This Wacky Plastic Bag Installation Confronts Our Insatiable Consumerism

This ode to “the foreverness of plastic” is set in a faux supermarket.

Robin Frohardt. Photo Maria Baranova.

If you have a conflicted relationship with the amount of stuff you consume and the trash you generate, theater and film director Robin Frohardt may have just the immersive experience for you. The Plastic Bag Store, dubbed by Frohardt as “a tragicomic ode to the foreverness of plastic,” is set in a faux supermarket that pokes fun at consumerism and contains thousands of items hand-sculpted by the artist from plastic refuse. 

Visitors will see meat, cakes, toiletries, sushi and other everyday items in its next incarnation, opening in May at MASS MoCA, the sprawling museum in the Berkshire Mountains of Massachusetts, in collaboration with the Williamstown Theatre Festival. The artist creates fake frozen pizzas and places bottle caps on them as toppings called “capperonni.” A box of “Yucky Shards,” echoing Lucky Charms breakfast cereal, is full of trash. There will also be performances that will employ shadow play, puppetry, and handmade sets to comment on the show’s theme. 

Frohardt has been working on the project since 2015, when she saw someone double-bag a set of goods that were already individually multiply wrapped. She was all set to unveil the project as a puppet show in New York’s Times Square in 2020 when her plans were upended by the Covid-19 pandemic. She shifted the medium to film that employed puppetry, ultimately expanding it into its present form, which has toured cities including Los Angles, Chicago, Adelaide, and Austin. The film is produced by Pomegranate Arts, the team behind productions including the revival of Philip Glass’s Einstein on the Beach, Taylor Mac’s epic A 24-Decade History of Popular Music, and Available Light by John Adams, Lucinda Childs, and Frank Gehry.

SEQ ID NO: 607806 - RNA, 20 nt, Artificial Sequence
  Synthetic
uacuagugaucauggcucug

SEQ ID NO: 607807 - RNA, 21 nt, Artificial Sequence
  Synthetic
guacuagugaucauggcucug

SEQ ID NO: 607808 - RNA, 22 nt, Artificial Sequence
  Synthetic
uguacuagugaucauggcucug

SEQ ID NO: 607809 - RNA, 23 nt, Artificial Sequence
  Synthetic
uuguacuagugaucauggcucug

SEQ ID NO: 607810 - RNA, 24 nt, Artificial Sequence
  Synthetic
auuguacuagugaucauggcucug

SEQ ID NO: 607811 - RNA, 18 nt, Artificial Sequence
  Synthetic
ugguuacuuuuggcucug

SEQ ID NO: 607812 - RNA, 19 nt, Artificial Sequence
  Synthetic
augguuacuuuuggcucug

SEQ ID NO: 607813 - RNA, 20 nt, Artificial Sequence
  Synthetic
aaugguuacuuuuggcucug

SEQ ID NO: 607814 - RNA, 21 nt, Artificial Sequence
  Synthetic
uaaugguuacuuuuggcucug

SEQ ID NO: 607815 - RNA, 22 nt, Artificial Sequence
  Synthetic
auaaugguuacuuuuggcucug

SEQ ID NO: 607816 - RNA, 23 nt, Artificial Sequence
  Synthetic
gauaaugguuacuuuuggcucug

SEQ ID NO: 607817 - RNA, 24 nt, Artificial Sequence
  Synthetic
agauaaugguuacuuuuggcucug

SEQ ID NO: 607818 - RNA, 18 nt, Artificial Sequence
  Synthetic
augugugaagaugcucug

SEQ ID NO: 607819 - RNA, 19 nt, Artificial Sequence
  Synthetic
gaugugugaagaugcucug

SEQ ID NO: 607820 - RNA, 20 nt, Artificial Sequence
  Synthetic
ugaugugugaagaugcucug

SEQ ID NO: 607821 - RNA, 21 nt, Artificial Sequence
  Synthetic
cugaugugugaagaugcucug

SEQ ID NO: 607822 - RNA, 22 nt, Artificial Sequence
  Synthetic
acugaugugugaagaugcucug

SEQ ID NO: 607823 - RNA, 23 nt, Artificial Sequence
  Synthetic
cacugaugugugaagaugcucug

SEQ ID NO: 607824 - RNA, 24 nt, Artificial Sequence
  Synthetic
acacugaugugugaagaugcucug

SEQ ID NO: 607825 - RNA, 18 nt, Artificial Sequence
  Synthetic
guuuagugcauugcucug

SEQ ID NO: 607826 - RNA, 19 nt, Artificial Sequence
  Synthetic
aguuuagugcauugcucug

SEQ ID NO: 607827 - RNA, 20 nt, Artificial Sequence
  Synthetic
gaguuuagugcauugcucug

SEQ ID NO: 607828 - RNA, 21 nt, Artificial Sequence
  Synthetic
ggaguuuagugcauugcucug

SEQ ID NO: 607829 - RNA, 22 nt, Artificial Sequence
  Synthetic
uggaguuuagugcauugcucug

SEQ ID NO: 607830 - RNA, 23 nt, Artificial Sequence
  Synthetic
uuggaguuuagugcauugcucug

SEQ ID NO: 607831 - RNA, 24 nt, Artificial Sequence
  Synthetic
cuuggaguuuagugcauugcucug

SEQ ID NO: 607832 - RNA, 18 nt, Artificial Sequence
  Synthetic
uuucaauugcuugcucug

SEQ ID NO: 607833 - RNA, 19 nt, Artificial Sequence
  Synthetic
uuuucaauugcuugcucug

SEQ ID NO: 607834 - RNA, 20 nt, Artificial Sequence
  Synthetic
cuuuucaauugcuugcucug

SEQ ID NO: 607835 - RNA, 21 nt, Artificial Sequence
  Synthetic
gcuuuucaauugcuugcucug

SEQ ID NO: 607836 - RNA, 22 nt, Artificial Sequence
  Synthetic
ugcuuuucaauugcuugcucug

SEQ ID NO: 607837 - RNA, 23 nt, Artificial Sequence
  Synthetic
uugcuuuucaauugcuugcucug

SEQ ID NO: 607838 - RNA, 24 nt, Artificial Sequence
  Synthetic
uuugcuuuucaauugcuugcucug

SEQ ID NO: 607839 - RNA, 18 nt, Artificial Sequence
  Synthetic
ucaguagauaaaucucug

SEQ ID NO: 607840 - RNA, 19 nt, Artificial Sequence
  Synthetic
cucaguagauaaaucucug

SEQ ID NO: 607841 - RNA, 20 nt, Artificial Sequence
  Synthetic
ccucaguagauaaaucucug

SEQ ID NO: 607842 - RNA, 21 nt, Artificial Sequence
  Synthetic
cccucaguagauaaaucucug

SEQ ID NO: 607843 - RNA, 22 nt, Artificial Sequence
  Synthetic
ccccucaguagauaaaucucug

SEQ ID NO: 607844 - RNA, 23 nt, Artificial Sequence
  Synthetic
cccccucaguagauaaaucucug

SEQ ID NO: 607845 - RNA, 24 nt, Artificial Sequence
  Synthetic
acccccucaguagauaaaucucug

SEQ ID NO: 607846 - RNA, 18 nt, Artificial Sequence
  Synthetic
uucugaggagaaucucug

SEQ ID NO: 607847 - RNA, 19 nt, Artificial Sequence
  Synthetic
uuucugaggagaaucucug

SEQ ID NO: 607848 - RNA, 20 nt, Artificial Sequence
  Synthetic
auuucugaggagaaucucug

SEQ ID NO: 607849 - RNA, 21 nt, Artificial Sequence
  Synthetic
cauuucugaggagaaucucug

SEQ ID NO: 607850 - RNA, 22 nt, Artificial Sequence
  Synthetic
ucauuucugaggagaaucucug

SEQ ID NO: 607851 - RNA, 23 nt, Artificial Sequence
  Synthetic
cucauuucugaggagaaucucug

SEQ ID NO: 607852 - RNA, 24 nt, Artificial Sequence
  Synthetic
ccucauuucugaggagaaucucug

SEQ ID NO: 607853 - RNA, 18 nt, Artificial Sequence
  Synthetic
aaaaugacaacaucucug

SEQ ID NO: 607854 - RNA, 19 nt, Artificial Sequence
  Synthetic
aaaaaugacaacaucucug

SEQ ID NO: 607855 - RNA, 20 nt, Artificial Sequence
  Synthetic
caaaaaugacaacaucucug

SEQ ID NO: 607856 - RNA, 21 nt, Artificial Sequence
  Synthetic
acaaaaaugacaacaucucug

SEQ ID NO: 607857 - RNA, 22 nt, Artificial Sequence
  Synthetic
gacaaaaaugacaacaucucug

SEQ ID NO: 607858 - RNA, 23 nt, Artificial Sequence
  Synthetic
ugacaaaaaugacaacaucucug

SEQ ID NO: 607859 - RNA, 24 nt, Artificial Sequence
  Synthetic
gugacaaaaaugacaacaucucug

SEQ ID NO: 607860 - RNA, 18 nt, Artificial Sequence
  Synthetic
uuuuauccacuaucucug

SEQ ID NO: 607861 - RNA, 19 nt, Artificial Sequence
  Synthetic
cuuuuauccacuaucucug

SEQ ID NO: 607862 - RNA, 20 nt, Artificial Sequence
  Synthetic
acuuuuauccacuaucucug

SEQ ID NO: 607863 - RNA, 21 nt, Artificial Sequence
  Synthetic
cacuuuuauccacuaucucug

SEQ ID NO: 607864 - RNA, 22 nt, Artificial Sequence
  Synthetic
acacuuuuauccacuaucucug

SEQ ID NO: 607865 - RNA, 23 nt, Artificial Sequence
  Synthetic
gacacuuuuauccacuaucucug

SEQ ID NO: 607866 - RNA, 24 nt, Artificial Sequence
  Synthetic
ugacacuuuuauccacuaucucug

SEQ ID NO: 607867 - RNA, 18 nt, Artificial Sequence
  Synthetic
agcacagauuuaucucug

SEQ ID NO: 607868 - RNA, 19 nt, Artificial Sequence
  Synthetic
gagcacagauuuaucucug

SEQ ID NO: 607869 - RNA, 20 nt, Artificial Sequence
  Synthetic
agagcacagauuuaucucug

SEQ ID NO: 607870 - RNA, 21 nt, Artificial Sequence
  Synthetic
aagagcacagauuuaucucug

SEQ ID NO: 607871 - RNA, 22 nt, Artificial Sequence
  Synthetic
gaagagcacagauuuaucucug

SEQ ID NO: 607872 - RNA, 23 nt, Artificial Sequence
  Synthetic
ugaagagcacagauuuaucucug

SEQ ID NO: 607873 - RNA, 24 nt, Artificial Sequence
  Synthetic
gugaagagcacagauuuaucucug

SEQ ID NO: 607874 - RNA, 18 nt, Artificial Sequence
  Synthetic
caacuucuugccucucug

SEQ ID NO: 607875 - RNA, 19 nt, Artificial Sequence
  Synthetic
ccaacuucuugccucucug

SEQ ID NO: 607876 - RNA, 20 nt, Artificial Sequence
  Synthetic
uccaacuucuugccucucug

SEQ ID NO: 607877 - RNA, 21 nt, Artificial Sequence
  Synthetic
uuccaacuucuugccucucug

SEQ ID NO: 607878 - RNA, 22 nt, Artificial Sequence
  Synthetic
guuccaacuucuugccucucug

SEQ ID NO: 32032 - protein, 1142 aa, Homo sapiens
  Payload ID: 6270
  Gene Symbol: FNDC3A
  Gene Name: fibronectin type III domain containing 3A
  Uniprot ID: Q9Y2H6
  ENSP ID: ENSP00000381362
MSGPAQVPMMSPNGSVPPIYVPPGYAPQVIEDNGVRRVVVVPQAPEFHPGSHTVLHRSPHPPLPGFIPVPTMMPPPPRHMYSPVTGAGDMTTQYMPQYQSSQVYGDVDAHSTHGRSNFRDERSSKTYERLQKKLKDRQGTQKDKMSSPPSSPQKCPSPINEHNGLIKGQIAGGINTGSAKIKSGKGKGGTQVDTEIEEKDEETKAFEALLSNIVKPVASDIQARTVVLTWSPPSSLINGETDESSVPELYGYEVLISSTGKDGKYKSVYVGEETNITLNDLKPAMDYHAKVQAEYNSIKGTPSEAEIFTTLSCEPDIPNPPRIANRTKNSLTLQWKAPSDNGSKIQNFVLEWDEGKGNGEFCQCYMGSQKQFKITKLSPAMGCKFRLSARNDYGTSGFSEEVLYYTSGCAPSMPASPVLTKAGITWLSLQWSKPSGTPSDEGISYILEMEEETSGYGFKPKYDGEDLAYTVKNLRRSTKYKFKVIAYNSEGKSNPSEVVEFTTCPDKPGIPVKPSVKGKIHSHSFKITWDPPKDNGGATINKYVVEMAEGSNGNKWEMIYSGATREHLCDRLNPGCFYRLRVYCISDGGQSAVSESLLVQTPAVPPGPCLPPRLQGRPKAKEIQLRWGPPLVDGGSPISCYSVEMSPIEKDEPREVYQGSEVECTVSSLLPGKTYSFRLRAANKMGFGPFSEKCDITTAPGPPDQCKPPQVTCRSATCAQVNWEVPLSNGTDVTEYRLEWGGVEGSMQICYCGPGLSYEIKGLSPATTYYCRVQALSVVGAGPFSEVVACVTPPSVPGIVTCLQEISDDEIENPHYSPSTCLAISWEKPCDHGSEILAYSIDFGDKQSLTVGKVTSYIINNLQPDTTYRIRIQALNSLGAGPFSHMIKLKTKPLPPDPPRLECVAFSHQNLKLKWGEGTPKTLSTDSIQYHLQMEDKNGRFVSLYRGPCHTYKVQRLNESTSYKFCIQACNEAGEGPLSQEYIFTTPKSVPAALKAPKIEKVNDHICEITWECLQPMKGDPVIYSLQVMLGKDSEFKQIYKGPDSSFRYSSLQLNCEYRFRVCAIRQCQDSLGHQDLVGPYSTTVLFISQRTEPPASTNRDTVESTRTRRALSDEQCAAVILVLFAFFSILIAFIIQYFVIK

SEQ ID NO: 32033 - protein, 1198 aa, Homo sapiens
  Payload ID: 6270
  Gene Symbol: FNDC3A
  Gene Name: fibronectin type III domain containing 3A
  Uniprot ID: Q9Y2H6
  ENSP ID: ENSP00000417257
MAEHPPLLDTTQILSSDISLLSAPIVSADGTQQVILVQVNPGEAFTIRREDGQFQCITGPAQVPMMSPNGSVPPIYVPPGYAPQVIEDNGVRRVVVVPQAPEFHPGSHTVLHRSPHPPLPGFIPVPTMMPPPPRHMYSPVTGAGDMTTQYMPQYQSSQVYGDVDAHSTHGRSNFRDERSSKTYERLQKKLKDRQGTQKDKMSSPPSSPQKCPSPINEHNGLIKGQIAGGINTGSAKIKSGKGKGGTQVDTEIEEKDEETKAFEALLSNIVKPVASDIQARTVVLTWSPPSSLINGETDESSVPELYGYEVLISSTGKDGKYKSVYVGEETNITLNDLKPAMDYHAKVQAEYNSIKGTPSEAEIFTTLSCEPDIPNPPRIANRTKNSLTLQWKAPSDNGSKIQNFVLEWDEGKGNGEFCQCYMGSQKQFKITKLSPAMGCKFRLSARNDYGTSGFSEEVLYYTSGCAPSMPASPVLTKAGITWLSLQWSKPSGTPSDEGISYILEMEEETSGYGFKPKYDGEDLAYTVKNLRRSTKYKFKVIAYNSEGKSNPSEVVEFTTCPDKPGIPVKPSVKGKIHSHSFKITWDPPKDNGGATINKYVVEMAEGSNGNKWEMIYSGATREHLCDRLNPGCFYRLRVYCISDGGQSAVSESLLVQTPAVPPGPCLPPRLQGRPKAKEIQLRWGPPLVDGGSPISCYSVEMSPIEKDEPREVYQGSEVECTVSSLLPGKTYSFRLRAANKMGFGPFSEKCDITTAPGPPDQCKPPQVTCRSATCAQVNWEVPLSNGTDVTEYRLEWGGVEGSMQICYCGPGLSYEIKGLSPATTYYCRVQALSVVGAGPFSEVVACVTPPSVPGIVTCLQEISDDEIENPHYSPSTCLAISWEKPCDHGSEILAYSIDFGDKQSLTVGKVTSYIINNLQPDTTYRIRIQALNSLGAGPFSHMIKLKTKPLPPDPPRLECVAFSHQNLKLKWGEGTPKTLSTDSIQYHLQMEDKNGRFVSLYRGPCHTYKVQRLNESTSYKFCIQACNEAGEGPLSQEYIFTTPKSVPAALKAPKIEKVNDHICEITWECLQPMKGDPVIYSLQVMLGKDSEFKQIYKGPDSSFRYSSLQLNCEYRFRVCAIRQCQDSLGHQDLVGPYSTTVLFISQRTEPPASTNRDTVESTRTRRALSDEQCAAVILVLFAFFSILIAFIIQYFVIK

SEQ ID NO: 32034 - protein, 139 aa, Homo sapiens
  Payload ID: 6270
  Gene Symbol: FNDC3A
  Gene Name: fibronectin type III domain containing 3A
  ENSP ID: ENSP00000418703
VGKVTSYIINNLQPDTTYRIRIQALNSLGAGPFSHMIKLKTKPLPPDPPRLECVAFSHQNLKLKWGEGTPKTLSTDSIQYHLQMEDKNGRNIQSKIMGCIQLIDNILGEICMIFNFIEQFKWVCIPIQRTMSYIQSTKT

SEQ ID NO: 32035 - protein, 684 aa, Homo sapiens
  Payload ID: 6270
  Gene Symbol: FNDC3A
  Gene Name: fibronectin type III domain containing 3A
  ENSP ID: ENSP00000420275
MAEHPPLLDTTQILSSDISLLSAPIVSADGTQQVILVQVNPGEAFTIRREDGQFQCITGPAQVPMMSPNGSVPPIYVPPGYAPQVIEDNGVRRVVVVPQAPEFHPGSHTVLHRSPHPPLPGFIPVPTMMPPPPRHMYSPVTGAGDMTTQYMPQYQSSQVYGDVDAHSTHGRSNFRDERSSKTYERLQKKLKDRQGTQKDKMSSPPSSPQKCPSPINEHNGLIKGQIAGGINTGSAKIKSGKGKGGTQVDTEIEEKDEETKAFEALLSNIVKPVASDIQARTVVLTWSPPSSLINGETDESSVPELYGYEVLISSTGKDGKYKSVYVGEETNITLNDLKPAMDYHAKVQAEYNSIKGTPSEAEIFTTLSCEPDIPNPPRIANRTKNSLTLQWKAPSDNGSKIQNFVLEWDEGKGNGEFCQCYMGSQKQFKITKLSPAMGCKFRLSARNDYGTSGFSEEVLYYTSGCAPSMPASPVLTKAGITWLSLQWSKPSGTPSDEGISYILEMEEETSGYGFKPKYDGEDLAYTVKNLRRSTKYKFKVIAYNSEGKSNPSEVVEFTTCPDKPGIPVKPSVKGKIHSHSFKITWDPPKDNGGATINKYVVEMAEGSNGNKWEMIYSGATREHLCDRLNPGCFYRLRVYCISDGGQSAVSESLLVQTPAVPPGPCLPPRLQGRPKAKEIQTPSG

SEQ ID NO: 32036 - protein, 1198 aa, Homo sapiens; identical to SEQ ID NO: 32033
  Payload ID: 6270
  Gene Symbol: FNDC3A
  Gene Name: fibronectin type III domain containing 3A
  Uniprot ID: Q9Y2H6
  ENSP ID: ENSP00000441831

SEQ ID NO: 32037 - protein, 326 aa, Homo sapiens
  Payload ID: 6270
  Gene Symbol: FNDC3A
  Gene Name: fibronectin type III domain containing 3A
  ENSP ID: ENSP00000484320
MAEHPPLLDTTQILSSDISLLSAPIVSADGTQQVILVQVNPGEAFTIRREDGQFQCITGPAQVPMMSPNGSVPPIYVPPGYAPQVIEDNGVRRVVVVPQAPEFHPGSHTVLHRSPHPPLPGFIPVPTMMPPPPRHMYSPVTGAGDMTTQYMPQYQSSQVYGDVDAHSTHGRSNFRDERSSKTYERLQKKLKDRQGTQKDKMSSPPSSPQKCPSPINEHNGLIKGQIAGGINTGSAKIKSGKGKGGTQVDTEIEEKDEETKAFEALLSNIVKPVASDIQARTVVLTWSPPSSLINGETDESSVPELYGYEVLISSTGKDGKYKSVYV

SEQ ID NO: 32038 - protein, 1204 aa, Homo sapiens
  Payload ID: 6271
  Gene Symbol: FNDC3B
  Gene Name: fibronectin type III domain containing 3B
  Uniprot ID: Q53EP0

“MASS MoCA’s presentation of The Plastic Bag Store marks the experience’s first engagement in a museum and its longest run to date,” said the institution’s director Kristy Edmunds. “Beyond the soaring spaces where ideas of scale can stretch out, MASS MoCA, at its core, is about an entrusted relationship with artists where going beyond the fenceline of the familiar is not only possible, it’s elemental. It is also crystal clear that MASS MoCA’s next 25 years must be grounded in durable and environmentally resilient systems. The manifestation of The Plastic Bag Store on our campus—in addition to its long duration and joy-inducing wit—opens pathways for learning and conversation in our community on reducing our collective environmental impact.”

Frohardt has won a Guggenheim Fellowship, a Creative Capital Award, and multiple Jim Henson Foundation grants. Her films have been selected for the Telluride Film Festival, Aspen Shortsfest, The One Earth Film Festival, and shown at the Brooklyn Academy of Music. 

The Plastic Bag Store” will be open May 9-September 2, 2024. See more photos below.

Robin Frohardt, The Plastic Bag Store. Photo Maria Baranova.

Robin Frohardt, The Plastic Bag Store. Photo Bailey Holiver.

Robin Frohardt, The Plastic Bag Store. Photo Bailey Holiver.


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